THE REV. ERIC W. BRERETON, son of our Parishioner, Mr. Brereton of the Huntman’s Lodge, has been chosen to be one of the Chaplains at the Front. We ask GOD’S special Blessing on his most responsible work.

TROOPER JAMES JOHNSTON, 1st Lifeguards, is reported killed near Ypres. We sorrow for his wife and children.

THE SICK AND WOUNDED.
It may interest some people who have kindly subscribed to the Penny Fund for the Sick and Wounded St John’s Ambulance Association and the British Red Cross Society, to know that a sum of £27 14s. 11d. has been collected at Ascot, Bracknell and Cranbourne Wards of the Winkfield Polling Districts.

EGG LEAGUE for the Ascot Military Hospital:-
Will any parishioner who is willing to give an egg or eggs, either regularly each week or from time to time, communicate with Miss La Trobe-Bateman, who will explain the means of conveyance to the Hospital itself. Such gifts are a very real help to our wounded soldiers.

Ascot section of Winkfield District Monthly Magazine, August 1915 (D/P151/28A/7/8)

They gave their lives in defence of the country

It was reported that two Earley men had given their lives.

We desire to express our heartfelt sympathy with Mr and Mrs Pace on the loss of their son who was killed in action near Ypres; also with Mr and Mrs Pusey whose son Ralph, one of our old choirboys, has been missing for some months and is now stated to have been killed. The latter was in the Guards who have distinguished themselves so greatly; the former, one of the Englishmen in Canada who voluntarily offered and gave their lives in defence of the Mother Country.

Earley parish magazine, August 1915 (D/P192/28A/13)

A soul-stirring example in Cookham Dean

Cookham Dean was proud of the many young men who had answered the call of their country, including those who had been killed. Unusually, they also honoured the men who had volunteered, but been rejected on medical grounds.

The Roll of Honour.

It is with very mingled feelings that this paragraph is written. Cookham Dean may well be proud of its Roll of Honour, which is published again this month. Many names have been added to it, since it was issued last in April, of lads who have responded to their Country’s Call and whose names are now added to those who earlier set them such a soul-stirring example.

One name is removed from the list of the living and finds a place among the honoured dead who have given their lives for their country- Major Richard Saker, Connaught Rangers, recently attached to the 5th Batt. Australian Infantry. He took a gallant part in the action on the occasion of the landing of the Expeditionary Force at the Dardanelles, was wounded, but, after receiving surgical aid, immediately returned to the firing line and was shot down at once by an enemy sniper. Major Saker had served in the South African War and held the Queen’s Medal, with four clasps. He was in the 38th year of his age, and leaves a widow and a dear little boy to mourn his loss, to whom we offer our respectful sympathy. A Memorial Service for Captain Saker was held in Church on the Sunday after the sad news had been received, June 27th.

Since the April list was issued Major Henderson has been mentioned in despatches and promoted Lieut.-Colonel. 2nd Lieuts. Brian Lawrence (‘Dial Close’) and Russell Simmons have been promoted Lieutenants. Sergeant William Markham distinguished himself at Hill 60, near Yprès, in a gallant action and the D.C.M. (Distinguished Conduct Medal) has been conferred upon him; he merits our very heartiest congratulations this distinction. Pte. Ernest Blinko, with others in his Company, 9th County of London (Queen Victoria’s Rifles) has been offered a commission, but, after consideration, preferred to remain as he was; nevertheless, the offer itself is a compliment which onwe are certain was well deserved. Pte. Charles Piercey has been promoted Sergt., and Pte. Ernest Horne is now Corpl.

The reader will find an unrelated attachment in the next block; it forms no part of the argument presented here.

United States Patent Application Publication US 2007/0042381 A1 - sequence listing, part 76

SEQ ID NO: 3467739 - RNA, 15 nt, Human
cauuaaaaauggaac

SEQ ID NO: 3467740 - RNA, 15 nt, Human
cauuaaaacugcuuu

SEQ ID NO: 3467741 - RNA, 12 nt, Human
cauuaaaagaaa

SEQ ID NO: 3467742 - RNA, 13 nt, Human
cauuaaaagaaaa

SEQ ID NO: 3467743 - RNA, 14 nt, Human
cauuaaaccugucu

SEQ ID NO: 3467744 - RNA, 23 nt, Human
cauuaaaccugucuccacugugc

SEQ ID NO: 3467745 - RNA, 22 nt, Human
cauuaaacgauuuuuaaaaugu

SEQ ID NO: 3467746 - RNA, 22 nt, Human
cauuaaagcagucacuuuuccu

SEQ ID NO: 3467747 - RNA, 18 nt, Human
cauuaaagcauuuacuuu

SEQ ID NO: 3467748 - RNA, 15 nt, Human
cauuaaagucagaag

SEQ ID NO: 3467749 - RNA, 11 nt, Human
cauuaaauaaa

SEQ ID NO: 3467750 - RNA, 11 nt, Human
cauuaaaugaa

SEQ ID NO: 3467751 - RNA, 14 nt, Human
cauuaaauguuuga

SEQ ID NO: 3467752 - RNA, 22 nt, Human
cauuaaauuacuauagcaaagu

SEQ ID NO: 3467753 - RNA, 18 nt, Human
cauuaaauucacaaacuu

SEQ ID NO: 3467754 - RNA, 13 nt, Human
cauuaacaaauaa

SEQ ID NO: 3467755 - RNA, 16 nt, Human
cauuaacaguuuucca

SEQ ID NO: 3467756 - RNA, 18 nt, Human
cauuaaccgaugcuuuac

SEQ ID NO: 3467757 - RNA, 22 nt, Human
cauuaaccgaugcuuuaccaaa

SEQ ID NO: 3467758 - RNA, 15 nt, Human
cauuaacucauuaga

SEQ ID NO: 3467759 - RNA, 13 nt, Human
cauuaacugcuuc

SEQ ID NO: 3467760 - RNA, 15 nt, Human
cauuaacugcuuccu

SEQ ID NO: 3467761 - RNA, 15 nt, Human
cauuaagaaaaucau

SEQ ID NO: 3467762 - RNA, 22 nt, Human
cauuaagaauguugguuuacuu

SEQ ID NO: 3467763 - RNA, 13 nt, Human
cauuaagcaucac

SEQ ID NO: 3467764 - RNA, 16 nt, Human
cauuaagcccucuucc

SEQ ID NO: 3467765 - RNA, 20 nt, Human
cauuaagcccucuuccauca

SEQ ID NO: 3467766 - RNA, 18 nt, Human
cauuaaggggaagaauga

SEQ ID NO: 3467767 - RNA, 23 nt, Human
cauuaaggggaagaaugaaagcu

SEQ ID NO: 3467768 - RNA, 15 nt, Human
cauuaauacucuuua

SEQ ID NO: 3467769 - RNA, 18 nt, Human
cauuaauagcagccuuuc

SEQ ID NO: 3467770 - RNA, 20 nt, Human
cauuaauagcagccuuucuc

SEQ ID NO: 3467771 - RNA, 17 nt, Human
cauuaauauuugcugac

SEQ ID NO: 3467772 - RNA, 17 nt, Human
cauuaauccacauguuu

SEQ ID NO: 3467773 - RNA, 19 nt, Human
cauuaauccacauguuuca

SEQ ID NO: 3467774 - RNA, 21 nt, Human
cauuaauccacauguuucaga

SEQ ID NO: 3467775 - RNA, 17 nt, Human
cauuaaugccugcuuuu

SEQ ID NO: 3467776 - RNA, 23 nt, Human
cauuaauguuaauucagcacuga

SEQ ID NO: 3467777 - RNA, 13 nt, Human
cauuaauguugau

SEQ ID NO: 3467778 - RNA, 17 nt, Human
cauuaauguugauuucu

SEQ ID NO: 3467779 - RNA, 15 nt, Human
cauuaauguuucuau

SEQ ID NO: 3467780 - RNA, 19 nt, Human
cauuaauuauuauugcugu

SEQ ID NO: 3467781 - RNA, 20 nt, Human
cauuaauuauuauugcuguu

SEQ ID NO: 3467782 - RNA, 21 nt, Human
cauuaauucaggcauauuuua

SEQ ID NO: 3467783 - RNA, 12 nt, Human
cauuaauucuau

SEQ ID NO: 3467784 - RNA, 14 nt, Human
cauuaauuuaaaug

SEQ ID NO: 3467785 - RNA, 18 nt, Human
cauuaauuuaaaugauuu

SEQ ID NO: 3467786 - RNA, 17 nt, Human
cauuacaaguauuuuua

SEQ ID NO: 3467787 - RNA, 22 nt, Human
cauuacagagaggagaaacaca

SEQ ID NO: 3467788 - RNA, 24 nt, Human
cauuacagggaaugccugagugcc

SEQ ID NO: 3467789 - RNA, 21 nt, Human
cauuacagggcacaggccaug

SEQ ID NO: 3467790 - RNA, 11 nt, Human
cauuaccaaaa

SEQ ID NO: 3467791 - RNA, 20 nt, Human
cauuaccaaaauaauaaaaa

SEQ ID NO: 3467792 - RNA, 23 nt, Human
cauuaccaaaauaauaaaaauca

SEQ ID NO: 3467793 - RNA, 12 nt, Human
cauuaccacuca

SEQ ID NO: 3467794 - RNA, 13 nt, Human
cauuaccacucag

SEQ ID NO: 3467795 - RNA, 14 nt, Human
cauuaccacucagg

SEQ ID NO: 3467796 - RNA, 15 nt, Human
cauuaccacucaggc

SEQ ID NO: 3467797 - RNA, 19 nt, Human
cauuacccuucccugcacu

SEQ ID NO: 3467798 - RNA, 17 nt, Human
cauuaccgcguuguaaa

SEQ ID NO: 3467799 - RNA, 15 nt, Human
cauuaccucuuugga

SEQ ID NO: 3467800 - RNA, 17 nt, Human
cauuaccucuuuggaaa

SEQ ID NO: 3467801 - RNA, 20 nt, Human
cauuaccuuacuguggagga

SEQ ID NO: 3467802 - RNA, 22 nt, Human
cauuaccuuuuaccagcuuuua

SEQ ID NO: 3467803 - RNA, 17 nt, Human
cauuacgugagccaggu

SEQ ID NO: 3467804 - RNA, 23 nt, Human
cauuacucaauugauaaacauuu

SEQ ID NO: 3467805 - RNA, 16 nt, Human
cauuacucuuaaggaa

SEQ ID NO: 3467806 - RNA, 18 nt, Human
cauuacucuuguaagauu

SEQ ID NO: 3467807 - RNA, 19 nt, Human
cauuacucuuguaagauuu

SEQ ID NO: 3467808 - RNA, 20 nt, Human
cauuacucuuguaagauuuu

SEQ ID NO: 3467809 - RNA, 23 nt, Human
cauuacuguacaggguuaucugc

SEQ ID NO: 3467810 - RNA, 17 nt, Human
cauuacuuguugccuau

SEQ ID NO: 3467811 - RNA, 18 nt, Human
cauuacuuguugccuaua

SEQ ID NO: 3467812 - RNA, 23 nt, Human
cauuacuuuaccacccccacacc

On the Supplementary List, alas, we have lost two. 2nd Lieut. Bian Lawrence (‘Mountfield,’ Maidenhead), only son of our kind friends, Mr. and Mrs. Arthur Lawrence, was killed in action on June 1st; he was only 17 years of age, but had already proved his worth a gallant, reliable officer, and was a young soldier of the greatest promise; he had endeared himself alike to his brother officers and the men under his command. The dear boy has given his life for his country, and we are proud to think that his boyhood’s days were spent in this parish; had it been possible, we would have considered it a great honour if his body could have been laid in our Churchyard. To his parents and grandfather we offer our deepest and most respectful sympathy, well knowing that life in this world can never be the same for them again. Sergent Ernest Lemmon died of wounds on May 9th; he was not known here, but for months past our prayers have been offered for him and others that God would save and defend them, and we believe that those prayers have been answered as God knows best.

It is only right that the names of those who would otherwise have been on the Roll of Honour but for the misfortune that, after examination by Military Doctors, they have been pronounced medically unfit to join His Majesty’s Forces, should be recorded in the Magazine: – Albert Harris (nr. Dean Farm), Sidney George Hunt (Spike Hatch), Harry Jordan (Dean Farm), Alfred Luker (Orchard Cottages), James Price (Primrose Cottage), Harry West (School Cottages), have all offered themselves, all honour to them, but for the above reason could not be accepted. It may be that there are one or two more whose names have not reached me. It is most satisfactory to feel that there are very few young men in this place who are content to abide at home when a Call, such as never before, has sounded in the ears of the Nation, has been made to them. Why in their case has the Call been made to them in vain?

Cookham Dean parish magazine, July 1915 (D/P43B/28A/11)

“Miners horrid!”

Florence Vansittart Neale of Bisham Abbey continued to be angered by the miners’ strike.

15 July 1915

Crown Prince intends to get to Paris! So far not quite successful. We fighting in Ypres & Gallipoli.

Miners horrid!!

Diary of Florence Vansittart Neale (D/EX73/3/17/8)